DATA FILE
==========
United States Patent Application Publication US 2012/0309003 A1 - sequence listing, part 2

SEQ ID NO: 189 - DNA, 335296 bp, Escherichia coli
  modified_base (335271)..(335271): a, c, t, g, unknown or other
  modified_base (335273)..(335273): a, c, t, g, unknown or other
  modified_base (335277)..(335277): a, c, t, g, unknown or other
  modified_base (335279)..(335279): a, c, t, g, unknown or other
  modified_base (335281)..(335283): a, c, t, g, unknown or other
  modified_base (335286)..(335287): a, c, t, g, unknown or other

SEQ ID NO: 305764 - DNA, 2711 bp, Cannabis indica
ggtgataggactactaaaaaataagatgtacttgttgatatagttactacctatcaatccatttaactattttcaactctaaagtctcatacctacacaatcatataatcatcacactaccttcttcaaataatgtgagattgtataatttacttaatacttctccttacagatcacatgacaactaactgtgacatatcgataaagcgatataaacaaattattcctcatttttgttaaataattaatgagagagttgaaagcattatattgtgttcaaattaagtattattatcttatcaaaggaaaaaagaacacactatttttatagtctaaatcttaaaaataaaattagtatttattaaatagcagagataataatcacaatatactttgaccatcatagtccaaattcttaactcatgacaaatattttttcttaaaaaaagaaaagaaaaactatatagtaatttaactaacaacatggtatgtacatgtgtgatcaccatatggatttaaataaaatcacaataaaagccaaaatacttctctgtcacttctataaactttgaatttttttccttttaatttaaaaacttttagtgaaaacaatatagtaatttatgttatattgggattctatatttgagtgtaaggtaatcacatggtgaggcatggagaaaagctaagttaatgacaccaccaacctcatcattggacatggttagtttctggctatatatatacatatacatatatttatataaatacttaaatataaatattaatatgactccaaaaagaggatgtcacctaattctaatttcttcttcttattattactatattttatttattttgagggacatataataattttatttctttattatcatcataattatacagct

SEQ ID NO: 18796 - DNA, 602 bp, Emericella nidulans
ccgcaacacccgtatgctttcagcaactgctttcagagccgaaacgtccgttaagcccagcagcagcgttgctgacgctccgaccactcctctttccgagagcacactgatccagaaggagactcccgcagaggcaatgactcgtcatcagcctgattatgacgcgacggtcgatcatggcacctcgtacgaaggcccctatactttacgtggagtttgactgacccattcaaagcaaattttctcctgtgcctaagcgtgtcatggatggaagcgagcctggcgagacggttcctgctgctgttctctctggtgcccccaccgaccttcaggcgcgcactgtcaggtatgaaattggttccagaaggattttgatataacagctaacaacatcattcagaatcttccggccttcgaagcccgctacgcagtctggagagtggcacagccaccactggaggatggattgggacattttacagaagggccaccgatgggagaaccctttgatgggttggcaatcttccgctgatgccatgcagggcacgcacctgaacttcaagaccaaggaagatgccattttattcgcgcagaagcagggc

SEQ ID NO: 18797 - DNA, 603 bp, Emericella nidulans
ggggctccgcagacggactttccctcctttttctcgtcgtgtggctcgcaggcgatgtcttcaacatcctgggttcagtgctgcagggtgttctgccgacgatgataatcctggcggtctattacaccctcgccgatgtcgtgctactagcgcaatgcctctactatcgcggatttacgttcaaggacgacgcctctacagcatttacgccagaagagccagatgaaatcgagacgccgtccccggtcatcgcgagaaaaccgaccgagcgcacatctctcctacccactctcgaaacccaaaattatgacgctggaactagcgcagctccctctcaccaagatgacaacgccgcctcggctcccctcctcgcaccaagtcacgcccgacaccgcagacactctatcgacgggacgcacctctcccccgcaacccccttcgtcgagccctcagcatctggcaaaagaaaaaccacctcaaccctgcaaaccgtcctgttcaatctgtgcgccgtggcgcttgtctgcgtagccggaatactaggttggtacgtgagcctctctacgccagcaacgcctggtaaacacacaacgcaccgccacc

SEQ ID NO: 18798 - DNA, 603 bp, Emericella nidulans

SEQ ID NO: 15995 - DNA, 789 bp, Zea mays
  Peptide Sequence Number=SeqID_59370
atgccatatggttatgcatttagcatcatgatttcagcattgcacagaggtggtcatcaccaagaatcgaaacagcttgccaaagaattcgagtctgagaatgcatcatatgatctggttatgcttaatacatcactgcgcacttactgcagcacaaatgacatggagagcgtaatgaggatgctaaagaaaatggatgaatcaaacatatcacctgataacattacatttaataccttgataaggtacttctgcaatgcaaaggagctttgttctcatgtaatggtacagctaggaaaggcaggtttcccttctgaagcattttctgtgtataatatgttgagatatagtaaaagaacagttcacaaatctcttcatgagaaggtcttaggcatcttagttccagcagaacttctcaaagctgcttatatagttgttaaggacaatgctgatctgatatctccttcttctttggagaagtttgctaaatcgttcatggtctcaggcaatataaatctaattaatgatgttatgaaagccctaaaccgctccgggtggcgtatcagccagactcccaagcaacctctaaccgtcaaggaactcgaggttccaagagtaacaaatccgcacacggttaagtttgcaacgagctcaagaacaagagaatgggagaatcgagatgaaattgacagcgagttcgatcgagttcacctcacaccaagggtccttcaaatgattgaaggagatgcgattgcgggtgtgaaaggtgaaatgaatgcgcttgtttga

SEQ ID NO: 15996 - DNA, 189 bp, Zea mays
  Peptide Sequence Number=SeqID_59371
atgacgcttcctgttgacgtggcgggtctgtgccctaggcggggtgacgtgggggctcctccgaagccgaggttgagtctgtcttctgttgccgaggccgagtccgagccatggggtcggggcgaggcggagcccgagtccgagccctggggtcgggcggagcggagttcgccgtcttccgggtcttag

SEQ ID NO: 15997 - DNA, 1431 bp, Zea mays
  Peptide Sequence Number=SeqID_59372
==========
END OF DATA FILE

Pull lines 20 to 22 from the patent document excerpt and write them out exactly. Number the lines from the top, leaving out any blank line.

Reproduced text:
  Peptide Sequence Number=SeqID_59371
atgacgcttcctgttgacgtggcgggtctgtgccctaggcggggtgacgtgggggctcctccgaagccgaggttgagtctgtcttctgttgccgaggccgagtccgagccatggggtcggggcgaggcggagcccgagtccgagccctggggtcgggcggagcggagttcgccgtcttccgggtcttag

SEQ ID NO: 15997 - DNA, 1431 bp, Zea mays